focus on maintainability and reliability targets.
To help ensure that established goals would be met, the design team
focused on airplane design, system design, power plant design, and
scheduled maintenance program development.
The first step in the airframe design process was to examine the
causes of nonroutine maintenance on previous Douglas designed twinjet
airplanes. MD-80 dispatch delays were attributed to 1,699 components
(i.e., 1,699 six-digit ATA chapter classifications). Of these, 116
components caused 50 percent of the delays, and their improvement
was given the highest priority by the 717 design team.
The team also focused
on retaining airplane design elements that had proved successful
on previous Douglas-designed twinjet airplanes, including the 100,000-cycle
airframe structural design and the simple, reliable, low-maintenance
primary flight control system. Figure
4 shows some of the significant 717 airplane design improvements
made to lower maintenance costs and improve reliability.
System designs on 717 predecessors were revised to improve component-level
design and ease of maintenance on the 717:
environmental control system uses three-wheel air-cycle machines,
which eliminate the need for air-cycle machine ground cooling
fans and reduce scheduled maintenance. The system has 27 percent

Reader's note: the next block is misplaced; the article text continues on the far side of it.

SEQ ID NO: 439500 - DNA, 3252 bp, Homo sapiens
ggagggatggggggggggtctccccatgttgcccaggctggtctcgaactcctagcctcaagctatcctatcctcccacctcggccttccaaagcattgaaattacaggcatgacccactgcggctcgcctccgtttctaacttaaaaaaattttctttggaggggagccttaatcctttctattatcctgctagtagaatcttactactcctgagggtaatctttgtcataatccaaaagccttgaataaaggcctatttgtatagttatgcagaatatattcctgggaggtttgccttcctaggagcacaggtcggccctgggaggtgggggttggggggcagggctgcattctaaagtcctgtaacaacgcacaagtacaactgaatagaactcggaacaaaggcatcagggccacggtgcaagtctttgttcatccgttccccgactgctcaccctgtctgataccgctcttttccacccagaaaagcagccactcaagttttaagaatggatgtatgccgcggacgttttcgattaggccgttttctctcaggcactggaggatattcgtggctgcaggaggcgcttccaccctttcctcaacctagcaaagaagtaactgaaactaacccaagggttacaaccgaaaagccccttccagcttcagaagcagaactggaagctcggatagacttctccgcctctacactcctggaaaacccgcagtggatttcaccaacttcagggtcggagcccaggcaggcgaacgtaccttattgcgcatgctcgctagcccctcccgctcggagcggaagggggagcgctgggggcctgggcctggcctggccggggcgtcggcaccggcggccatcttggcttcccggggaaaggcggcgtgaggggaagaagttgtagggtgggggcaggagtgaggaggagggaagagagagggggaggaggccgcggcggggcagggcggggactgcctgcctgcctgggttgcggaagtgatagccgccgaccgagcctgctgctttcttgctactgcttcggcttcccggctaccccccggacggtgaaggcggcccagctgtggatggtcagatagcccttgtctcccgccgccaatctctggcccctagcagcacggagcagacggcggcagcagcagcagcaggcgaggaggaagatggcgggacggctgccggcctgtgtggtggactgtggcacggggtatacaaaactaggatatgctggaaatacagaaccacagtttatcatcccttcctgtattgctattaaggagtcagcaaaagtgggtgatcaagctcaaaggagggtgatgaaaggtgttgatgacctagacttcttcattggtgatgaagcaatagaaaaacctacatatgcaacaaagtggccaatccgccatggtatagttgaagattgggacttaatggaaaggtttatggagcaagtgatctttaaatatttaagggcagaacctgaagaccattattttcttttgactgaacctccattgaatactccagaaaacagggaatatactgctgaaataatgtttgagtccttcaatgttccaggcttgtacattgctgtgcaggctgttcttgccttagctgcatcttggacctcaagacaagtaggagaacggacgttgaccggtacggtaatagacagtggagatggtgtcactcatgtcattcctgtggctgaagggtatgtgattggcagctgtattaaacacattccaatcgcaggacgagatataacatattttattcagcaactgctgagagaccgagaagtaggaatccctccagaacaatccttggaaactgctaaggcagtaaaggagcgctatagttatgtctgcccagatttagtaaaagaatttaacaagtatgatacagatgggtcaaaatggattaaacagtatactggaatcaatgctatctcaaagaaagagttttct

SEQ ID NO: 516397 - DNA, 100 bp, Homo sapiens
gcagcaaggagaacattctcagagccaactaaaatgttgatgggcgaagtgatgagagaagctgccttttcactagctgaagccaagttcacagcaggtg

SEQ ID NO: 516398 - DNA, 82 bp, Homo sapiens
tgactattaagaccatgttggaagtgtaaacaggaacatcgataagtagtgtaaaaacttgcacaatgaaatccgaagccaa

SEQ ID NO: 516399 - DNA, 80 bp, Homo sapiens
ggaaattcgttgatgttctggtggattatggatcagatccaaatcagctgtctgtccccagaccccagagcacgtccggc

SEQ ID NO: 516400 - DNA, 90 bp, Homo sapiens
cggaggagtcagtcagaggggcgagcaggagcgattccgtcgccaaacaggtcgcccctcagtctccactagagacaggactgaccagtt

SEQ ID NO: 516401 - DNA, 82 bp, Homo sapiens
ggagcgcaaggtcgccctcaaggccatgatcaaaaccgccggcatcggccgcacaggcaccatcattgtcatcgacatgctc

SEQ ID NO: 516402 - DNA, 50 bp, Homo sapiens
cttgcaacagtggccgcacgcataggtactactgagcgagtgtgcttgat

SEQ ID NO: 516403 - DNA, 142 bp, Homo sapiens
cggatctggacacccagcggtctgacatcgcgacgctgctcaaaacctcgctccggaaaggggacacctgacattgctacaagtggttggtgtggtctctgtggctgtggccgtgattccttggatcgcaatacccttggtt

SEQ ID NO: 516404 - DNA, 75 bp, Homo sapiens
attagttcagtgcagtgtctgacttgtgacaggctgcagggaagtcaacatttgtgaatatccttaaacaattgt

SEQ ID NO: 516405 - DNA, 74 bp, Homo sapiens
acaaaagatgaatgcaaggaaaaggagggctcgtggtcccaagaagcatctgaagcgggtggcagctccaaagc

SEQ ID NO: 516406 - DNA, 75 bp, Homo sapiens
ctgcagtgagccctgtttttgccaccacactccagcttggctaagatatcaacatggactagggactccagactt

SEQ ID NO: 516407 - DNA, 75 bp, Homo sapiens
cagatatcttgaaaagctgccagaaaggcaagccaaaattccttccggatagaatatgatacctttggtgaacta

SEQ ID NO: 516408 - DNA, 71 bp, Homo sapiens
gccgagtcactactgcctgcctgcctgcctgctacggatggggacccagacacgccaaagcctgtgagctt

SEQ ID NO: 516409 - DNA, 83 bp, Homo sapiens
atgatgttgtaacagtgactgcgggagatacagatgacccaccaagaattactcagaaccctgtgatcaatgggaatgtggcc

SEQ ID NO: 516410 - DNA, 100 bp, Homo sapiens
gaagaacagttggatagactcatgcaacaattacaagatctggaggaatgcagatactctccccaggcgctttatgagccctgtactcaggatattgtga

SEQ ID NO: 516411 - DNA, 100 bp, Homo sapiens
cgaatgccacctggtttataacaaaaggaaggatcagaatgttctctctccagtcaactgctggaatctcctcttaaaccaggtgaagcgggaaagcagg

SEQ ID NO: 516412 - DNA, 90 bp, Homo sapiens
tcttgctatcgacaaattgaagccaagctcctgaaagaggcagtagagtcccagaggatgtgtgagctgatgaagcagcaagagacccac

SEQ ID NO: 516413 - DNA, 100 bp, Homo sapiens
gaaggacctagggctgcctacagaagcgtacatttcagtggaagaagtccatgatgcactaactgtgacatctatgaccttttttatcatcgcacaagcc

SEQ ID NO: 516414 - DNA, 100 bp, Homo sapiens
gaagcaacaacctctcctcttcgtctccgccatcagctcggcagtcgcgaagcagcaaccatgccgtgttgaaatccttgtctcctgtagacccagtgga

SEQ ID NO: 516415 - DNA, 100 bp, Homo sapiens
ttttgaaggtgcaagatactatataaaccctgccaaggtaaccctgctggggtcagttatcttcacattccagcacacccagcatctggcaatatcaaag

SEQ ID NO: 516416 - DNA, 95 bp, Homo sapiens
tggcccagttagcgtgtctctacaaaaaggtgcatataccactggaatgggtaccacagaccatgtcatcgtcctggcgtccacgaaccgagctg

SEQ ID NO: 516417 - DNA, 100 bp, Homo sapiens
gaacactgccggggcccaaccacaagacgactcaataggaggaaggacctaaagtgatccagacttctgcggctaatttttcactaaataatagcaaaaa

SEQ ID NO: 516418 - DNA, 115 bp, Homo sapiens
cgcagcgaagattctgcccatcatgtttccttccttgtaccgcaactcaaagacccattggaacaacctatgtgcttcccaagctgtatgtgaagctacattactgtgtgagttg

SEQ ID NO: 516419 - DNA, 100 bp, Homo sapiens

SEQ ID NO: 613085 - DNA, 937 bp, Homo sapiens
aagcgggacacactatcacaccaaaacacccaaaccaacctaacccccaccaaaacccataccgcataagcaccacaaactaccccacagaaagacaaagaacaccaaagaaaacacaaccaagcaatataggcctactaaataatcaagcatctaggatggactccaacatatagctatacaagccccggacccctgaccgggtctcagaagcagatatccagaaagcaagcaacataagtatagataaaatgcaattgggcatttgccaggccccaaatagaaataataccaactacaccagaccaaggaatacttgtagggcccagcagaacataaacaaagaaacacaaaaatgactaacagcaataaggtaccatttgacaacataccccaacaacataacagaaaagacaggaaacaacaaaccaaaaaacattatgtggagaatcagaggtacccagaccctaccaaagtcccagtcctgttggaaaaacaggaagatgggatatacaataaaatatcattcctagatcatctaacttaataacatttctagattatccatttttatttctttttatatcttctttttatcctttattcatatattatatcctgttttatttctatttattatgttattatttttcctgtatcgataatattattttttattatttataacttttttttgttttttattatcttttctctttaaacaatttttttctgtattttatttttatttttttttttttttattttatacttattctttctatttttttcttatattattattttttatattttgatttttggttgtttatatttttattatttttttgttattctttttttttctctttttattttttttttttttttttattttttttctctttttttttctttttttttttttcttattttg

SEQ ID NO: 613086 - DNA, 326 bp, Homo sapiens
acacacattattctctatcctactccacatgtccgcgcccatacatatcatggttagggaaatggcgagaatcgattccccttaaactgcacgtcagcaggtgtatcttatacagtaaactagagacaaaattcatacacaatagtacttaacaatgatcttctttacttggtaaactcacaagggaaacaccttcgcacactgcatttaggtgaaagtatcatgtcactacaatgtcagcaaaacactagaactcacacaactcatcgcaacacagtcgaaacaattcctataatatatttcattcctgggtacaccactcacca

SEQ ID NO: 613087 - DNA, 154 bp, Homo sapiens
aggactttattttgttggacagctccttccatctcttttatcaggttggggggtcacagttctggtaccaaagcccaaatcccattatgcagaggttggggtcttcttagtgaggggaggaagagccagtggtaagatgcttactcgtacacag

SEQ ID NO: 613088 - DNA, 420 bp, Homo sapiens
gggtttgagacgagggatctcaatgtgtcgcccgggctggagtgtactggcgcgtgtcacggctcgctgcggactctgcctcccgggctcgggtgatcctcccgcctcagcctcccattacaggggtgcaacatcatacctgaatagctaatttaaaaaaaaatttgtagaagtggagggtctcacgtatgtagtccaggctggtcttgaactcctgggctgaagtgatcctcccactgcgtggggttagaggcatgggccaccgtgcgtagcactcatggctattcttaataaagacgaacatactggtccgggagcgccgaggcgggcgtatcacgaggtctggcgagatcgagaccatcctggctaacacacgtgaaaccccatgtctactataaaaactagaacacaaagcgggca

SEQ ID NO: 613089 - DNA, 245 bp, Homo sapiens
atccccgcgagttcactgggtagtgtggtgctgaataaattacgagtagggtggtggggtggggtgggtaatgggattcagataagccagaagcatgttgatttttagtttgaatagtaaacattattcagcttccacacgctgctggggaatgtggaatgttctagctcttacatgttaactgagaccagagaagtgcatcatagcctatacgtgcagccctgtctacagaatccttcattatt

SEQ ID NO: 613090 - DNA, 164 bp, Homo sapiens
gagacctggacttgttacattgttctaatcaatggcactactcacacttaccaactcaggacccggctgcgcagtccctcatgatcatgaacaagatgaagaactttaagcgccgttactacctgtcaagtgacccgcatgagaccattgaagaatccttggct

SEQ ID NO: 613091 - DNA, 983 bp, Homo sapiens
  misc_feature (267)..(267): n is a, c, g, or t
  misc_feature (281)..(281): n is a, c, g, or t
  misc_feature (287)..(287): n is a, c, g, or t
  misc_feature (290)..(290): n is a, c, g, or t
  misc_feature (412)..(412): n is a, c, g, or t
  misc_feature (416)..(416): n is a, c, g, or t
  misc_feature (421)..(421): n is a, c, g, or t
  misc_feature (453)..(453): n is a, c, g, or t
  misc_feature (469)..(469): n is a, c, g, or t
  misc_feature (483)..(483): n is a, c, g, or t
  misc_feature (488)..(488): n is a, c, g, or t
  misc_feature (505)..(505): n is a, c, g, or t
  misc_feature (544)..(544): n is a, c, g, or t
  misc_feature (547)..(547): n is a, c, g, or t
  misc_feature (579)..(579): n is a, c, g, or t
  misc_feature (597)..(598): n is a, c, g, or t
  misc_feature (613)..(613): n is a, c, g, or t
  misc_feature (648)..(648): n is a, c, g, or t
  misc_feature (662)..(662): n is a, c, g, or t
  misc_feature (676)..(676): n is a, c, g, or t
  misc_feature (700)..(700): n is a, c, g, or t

fewer line-replacable units (LRU) than the DC-9 and MD-80 design.
- The integrated electrical
system reduced the number of major components from 60 to 9, which
eliminated 150 wires compared with the DC-9 and MD-80 design.
The 717 system features an integrated drive generator, no-break
power transfer, and interchangeable power conversion distribution
- The airplane interior
features removable window escutcheons that permit inner and outer
windowpane replacement without the removal of seats or sidewall
- Electrically controlled
aileron trim, rudder trim, and spoilers simplified the flight
deck pedestal, or aisle stand, and eliminated many cables compared
with the DC-9 and MD-80 design.
- The in-line (i.e.,
straight-shaft), engine-driven hydraulic pumps have higher reliability
than the bent-axis (i.e., articulated-shaft) pumps on earlier
airplanes. The flareless fittings in the hydraulic lines significantly
improve reliability because they are less prone to cracking and
- The integrated flight
deck has state-of-the-art displays, communication and navigation
equipment, and digital flight guidance system, which cumulatively
reduce the number of flight deck LRUs by 57 percent, compared
with the DC-9 and MD-80 design.
- The landing gear system
incorporates steel brakes that are attached with 10 pins rather
than traditional fasteners, which reduces installation time by
60 percent, compared with the DC-9 and MD-80 design.
- The vacuum waste system,
which features modular lavatories, permits single-point aft servicing
and is designed for corrosion prevention.
- Built-in test equipment
is an integral element of many 717 digital components, reducing
troubleshooting and inspection times. In addition, the integrated
centralized fault display system (CFDS) receives inputs from more
than 30 LRUs and presents information on the flight deck multifunction
control and display units for ease of line maintenance.
- The auxiliary power
unit, based on a proven design, requires no specialized ground-support
equipment for transport.
- The 717 structures
are based on the proven design of its predecessors, with improved
corrosion protection and appropriate material choices.